Freight-only Until the End
The Catskill Mountain Branch continued as a freight hauler through the 1960s. Construction of Interstate 88 through Oneonta severed the west end of the line from its connection with the Delaware & Hudson Railway and service was cut back to Bloomville in 1965. By this time, the major source of traffic was feed and lumber dealers at Arkville, Roxbury, Grand Gorge and Stamford.
After 1968, the New York Central and Pennsylvania Railroads merged to form Penn Central. The Catskill Mountain Branch was not considered a priority, and the condition of the railroad suffered. Repairs were put off and derailments were frequent. Service was reduced to once a week, though the freight trains often took days to cover the route due to slow speeds imposed by the track conditions.
On April 1, 1976, Conrail took over Penn Central and six other bankrupt railroads in an attempt to rebuild rail service in the Northeast. The Catskill Mountain Branch was not to be included in the new system, so New York State arranged a six-month subsidy to have Conrail operate the line while shippers made new arrangements. The last freight train departed Kingston on September 28, 1976, and did not return until October 2, with every remaining freight car on the branch collected for the final return trip. The switch was spiked shut, and the future of the line was uncertain.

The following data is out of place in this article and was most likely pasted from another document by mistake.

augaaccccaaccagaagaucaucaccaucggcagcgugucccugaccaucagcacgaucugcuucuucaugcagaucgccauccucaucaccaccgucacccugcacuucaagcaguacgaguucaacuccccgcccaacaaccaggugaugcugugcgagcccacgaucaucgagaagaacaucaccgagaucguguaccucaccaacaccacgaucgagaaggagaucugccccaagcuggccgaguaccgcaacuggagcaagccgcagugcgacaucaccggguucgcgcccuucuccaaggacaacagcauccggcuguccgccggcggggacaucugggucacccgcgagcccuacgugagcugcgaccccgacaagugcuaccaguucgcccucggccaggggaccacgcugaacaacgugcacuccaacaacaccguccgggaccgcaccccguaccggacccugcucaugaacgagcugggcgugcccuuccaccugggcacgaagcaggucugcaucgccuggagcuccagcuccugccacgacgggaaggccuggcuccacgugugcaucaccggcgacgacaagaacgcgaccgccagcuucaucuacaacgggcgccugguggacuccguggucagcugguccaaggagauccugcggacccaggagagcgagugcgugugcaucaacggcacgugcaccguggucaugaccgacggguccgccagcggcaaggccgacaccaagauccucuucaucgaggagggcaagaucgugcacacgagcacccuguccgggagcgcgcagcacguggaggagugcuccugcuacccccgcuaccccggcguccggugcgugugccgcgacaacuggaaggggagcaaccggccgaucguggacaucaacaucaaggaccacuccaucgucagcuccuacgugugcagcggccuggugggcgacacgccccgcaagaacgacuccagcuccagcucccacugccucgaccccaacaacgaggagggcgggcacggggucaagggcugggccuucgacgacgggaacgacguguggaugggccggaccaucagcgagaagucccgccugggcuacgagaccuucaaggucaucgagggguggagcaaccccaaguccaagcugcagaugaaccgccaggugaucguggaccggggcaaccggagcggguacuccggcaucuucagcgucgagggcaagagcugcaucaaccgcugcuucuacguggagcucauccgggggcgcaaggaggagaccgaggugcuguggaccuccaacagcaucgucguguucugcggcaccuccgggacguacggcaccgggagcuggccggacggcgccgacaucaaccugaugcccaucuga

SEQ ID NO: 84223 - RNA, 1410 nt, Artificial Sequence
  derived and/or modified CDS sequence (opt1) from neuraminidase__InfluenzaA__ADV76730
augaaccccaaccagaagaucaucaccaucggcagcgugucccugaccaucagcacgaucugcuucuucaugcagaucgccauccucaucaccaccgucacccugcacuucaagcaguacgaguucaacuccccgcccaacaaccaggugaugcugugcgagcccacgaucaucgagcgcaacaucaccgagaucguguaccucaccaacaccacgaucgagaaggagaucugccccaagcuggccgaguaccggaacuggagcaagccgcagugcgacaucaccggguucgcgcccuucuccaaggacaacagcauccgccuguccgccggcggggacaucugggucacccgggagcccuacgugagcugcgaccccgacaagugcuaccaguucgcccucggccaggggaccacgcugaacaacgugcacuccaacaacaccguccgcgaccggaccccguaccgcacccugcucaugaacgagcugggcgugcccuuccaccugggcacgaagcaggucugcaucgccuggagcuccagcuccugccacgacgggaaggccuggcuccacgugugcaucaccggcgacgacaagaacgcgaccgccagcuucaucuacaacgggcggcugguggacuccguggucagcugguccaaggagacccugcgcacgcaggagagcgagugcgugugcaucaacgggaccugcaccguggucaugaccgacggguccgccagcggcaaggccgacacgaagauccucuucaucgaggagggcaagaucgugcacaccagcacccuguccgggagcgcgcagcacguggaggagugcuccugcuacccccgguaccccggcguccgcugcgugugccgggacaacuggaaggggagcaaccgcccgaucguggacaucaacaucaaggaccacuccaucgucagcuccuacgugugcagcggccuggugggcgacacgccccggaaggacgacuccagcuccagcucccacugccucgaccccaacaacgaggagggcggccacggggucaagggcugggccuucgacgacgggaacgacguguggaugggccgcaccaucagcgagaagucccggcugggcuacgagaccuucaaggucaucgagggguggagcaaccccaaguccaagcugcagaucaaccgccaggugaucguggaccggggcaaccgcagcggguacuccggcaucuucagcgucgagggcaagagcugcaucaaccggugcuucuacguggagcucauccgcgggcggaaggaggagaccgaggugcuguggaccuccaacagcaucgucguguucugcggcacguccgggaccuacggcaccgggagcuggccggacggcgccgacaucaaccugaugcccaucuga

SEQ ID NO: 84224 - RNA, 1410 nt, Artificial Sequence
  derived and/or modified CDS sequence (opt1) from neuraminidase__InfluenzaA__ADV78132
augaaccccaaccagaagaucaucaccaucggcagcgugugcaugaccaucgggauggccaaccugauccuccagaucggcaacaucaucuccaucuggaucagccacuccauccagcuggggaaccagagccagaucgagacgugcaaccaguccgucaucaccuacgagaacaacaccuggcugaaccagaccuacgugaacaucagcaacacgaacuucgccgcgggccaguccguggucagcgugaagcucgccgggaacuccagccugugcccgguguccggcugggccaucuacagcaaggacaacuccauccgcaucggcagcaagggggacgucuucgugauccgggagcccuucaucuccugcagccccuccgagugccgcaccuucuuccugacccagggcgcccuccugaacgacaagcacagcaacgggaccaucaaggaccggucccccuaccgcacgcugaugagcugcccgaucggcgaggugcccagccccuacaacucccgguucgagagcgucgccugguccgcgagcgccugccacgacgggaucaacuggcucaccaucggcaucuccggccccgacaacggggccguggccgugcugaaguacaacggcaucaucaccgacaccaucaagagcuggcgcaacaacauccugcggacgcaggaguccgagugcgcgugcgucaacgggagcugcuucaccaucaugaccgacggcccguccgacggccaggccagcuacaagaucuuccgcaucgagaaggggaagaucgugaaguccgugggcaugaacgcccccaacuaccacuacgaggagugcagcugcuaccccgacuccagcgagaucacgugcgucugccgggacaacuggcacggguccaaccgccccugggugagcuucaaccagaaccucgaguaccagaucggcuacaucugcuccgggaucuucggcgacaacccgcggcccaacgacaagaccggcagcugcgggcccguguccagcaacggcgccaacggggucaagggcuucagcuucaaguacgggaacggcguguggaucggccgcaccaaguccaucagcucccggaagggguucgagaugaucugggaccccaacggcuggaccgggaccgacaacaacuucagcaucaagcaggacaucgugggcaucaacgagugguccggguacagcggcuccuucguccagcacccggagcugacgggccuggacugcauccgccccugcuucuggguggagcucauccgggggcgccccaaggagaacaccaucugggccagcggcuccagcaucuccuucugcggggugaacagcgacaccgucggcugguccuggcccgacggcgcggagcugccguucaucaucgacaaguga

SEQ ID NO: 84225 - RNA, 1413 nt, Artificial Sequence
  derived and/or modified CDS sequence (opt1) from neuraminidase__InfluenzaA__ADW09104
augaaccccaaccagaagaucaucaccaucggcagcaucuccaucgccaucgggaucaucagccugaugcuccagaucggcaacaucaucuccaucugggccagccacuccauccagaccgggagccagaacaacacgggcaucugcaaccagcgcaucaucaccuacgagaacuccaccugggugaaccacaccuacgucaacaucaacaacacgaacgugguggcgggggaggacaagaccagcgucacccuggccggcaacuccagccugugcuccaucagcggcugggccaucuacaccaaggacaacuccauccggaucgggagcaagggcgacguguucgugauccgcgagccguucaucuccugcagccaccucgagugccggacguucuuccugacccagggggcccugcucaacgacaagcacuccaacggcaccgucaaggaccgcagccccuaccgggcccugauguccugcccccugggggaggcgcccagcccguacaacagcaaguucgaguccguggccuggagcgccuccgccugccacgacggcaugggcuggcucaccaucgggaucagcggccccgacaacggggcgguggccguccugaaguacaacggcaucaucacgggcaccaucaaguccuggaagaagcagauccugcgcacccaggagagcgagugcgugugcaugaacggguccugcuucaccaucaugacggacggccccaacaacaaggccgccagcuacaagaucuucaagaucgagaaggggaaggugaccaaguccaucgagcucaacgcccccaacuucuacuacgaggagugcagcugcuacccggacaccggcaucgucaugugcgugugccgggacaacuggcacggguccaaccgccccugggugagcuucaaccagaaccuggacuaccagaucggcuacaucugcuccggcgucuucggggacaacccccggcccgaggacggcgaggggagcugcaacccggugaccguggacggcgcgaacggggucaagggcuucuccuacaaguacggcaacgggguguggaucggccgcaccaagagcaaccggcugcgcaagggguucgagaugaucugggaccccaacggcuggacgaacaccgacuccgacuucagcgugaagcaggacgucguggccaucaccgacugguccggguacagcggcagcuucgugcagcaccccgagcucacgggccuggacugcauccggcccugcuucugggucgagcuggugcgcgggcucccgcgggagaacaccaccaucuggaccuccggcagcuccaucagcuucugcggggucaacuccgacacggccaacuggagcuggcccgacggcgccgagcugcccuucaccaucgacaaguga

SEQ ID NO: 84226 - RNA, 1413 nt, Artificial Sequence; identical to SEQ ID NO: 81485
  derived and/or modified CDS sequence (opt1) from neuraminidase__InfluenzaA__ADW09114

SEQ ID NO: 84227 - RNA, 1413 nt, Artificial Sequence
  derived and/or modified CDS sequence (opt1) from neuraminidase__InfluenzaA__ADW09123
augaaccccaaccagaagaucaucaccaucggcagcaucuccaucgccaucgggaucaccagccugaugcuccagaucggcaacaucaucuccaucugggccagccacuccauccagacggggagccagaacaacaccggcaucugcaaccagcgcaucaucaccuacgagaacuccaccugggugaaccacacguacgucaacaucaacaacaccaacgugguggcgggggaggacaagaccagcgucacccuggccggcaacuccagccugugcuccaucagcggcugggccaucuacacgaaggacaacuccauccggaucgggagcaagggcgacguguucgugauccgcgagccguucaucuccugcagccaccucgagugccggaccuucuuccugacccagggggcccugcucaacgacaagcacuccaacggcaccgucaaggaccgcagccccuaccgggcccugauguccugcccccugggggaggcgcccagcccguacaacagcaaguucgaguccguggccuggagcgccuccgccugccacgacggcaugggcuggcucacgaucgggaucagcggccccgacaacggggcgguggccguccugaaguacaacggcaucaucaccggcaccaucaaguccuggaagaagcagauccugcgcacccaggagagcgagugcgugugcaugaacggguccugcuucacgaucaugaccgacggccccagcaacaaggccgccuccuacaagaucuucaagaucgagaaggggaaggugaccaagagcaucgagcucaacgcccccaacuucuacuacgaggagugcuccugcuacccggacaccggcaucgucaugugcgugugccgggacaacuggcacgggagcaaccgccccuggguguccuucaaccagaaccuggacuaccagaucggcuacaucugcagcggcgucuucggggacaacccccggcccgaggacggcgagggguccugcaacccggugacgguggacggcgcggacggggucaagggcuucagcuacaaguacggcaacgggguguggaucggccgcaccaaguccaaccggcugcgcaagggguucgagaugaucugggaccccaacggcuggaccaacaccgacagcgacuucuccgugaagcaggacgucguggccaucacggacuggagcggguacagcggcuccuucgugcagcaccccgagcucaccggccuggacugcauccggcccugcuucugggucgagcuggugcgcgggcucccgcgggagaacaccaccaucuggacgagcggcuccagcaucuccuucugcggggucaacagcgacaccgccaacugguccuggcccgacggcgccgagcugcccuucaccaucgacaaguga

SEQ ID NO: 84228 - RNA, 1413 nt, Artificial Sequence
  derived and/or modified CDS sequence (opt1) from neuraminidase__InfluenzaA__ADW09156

Rescued by Ulster County, Rebuilt by Volunteers
Communities up and down the line called for the railroad to be saved, but there was a serious disagreement with the estate of the Penn Central over price. The famous columnist and media personality William F. Buckley, Jr. toured the line in 1977 and helped draw attention to the cause. An agreement was reached and Ulster County purchased the 38-mile segment from Kingston to Highmount in 1979 to preserve the corridor for future rail use.